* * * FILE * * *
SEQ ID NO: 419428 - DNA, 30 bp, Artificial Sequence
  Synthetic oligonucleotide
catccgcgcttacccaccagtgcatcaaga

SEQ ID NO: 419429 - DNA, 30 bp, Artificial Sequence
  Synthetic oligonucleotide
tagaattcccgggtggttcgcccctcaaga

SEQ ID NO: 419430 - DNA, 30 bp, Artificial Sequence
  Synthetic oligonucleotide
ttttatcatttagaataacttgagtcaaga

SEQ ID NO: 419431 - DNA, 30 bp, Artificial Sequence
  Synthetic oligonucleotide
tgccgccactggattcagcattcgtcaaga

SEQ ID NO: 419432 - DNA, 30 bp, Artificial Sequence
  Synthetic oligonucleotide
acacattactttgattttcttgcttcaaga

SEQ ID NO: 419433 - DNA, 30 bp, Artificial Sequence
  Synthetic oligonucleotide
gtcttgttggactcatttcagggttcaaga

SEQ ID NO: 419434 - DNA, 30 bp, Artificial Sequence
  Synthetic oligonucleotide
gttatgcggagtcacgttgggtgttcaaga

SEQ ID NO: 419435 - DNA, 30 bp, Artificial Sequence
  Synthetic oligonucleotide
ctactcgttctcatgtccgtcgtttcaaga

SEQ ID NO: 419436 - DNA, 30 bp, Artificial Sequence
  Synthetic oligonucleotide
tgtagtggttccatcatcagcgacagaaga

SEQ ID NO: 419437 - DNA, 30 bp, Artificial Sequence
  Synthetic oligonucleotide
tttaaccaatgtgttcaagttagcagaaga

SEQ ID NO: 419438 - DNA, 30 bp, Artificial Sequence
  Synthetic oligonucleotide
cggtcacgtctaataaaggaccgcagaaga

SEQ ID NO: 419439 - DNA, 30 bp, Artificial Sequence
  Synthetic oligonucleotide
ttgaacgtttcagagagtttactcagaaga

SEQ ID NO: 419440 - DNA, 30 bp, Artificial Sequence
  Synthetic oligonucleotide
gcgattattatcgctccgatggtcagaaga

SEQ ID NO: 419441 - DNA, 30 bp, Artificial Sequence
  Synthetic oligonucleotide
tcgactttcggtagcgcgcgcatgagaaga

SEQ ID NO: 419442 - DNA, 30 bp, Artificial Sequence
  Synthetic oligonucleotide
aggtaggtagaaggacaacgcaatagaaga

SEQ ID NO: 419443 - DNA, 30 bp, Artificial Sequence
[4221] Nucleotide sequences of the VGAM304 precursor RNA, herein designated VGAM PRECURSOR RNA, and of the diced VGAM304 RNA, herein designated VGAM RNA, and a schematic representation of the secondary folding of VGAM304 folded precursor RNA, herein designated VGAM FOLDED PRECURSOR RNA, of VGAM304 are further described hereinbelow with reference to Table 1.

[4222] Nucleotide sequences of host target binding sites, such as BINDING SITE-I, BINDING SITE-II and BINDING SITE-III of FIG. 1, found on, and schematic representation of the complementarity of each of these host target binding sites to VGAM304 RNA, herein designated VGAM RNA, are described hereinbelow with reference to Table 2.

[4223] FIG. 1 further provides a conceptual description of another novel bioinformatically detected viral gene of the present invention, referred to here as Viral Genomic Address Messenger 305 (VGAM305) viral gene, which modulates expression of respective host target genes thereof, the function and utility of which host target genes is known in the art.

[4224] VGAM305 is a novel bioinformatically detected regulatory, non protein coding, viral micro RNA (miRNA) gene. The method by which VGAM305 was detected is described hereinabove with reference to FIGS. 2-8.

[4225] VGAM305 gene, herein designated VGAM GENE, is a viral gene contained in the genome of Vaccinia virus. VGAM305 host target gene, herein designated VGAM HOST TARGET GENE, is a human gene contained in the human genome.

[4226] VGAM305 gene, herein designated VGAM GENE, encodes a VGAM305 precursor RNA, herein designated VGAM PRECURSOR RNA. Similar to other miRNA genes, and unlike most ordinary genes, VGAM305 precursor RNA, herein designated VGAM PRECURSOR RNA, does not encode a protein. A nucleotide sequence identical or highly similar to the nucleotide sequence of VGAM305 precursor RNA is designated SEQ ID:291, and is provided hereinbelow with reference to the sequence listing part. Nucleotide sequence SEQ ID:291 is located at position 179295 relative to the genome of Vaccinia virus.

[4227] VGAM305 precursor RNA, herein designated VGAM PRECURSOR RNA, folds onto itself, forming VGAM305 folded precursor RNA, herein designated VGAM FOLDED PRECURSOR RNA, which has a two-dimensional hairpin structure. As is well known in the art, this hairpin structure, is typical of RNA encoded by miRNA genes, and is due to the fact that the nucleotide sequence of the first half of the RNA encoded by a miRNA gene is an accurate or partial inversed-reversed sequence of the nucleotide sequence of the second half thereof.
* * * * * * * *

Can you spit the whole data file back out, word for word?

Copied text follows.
SEQ ID NO: 419428 - DNA, 30 bp, Artificial Sequence
  Synthetic oligonucleotide
catccgcgcttacccaccagtgcatcaaga

SEQ ID NO: 419429 - DNA, 30 bp, Artificial Sequence
  Synthetic oligonucleotide
tagaattcccgggtggttcgcccctcaaga

SEQ ID NO: 419430 - DNA, 30 bp, Artificial Sequence
  Synthetic oligonucleotide
ttttatcatttagaataacttgagtcaaga

SEQ ID NO: 419431 - DNA, 30 bp, Artificial Sequence
  Synthetic oligonucleotide
tgccgccactggattcagcattcgtcaaga

SEQ ID NO: 419432 - DNA, 30 bp, Artificial Sequence
  Synthetic oligonucleotide
acacattactttgattttcttgcttcaaga

SEQ ID NO: 419433 - DNA, 30 bp, Artificial Sequence
  Synthetic oligonucleotide
gtcttgttggactcatttcagggttcaaga

SEQ ID NO: 419434 - DNA, 30 bp, Artificial Sequence
  Synthetic oligonucleotide
gttatgcggagtcacgttgggtgttcaaga

SEQ ID NO: 419435 - DNA, 30 bp, Artificial Sequence
  Synthetic oligonucleotide
ctactcgttctcatgtccgtcgtttcaaga

SEQ ID NO: 419436 - DNA, 30 bp, Artificial Sequence
  Synthetic oligonucleotide
tgtagtggttccatcatcagcgacagaaga

SEQ ID NO: 419437 - DNA, 30 bp, Artificial Sequence
  Synthetic oligonucleotide
tttaaccaatgtgttcaagttagcagaaga

SEQ ID NO: 419438 - DNA, 30 bp, Artificial Sequence
  Synthetic oligonucleotide
cggtcacgtctaataaaggaccgcagaaga

SEQ ID NO: 419439 - DNA, 30 bp, Artificial Sequence
  Synthetic oligonucleotide
ttgaacgtttcagagagtttactcagaaga

SEQ ID NO: 419440 - DNA, 30 bp, Artificial Sequence
  Synthetic oligonucleotide
gcgattattatcgctccgatggtcagaaga

SEQ ID NO: 419441 - DNA, 30 bp, Artificial Sequence
  Synthetic oligonucleotide
tcgactttcggtagcgcgcgcatgagaaga

SEQ ID NO: 419442 - DNA, 30 bp, Artificial Sequence
  Synthetic oligonucleotide
aggtaggtagaaggacaacgcaatagaaga

SEQ ID NO: 419443 - DNA, 30 bp, Artificial Sequence
[4221] Nucleotide sequences of the VGAM304 precursor RNA, herein designated VGAM PRECURSOR RNA, and of the diced VGAM304 RNA, herein designated VGAM RNA, and a schematic representation of the secondary folding of VGAM304 folded precursor RNA, herein designated VGAM FOLDED PRECURSOR RNA, of VGAM304 are further described hereinbelow with reference to Table 1.

[4222] Nucleotide sequences of host target binding sites, such as BINDING SITE-I, BINDING SITE-II and BINDING SITE-III of FIG. 1, found on, and schematic representation of the complementarity of each of these host target binding sites to VGAM304 RNA, herein designated VGAM RNA, are described hereinbelow with reference to Table 2.

[4223] FIG. 1 further provides a conceptual description of another novel bioinformatically detected viral gene of the present invention, referred to here as Viral Genomic Address Messenger 305 (VGAM305) viral gene, which modulates expression of respective host target genes thereof, the function and utility of which host target genes is known in the art.

[4224] VGAM305 is a novel bioinformatically detected regulatory, non protein coding, viral micro RNA (miRNA) gene. The method by which VGAM305 was detected is described hereinabove with reference to FIGS. 2-8.

[4225] VGAM305 gene, herein designated VGAM GENE, is a viral gene contained in the genome of Vaccinia virus. VGAM305 host target gene, herein designated VGAM HOST TARGET GENE, is a human gene contained in the human genome.

[4226] VGAM305 gene, herein designated VGAM GENE, encodes a VGAM305 precursor RNA, herein designated VGAM PRECURSOR RNA. Similar to other miRNA genes, and unlike most ordinary genes, VGAM305 precursor RNA, herein designated VGAM PRECURSOR RNA, does not encode a protein. A nucleotide sequence identical or highly similar to the nucleotide sequence of VGAM305 precursor RNA is designated SEQ ID:291, and is provided hereinbelow with reference to the sequence listing part. Nucleotide sequence SEQ ID:291 is located at position 179295 relative to the genome of Vaccinia virus.

[4227] VGAM305 precursor RNA, herein designated VGAM PRECURSOR RNA, folds onto itself, forming VGAM305 folded precursor RNA, herein designated VGAM FOLDED PRECURSOR RNA, which has a two-dimensional hairpin structure. As is well known in the art, this hairpin structure, is typical of RNA encoded by miRNA genes, and is due to the fact that the nucleotide sequence of the first half of the RNA encoded by a miRNA gene is an accurate or partial inversed-reversed sequence of the nucleotide sequence of the second half thereof.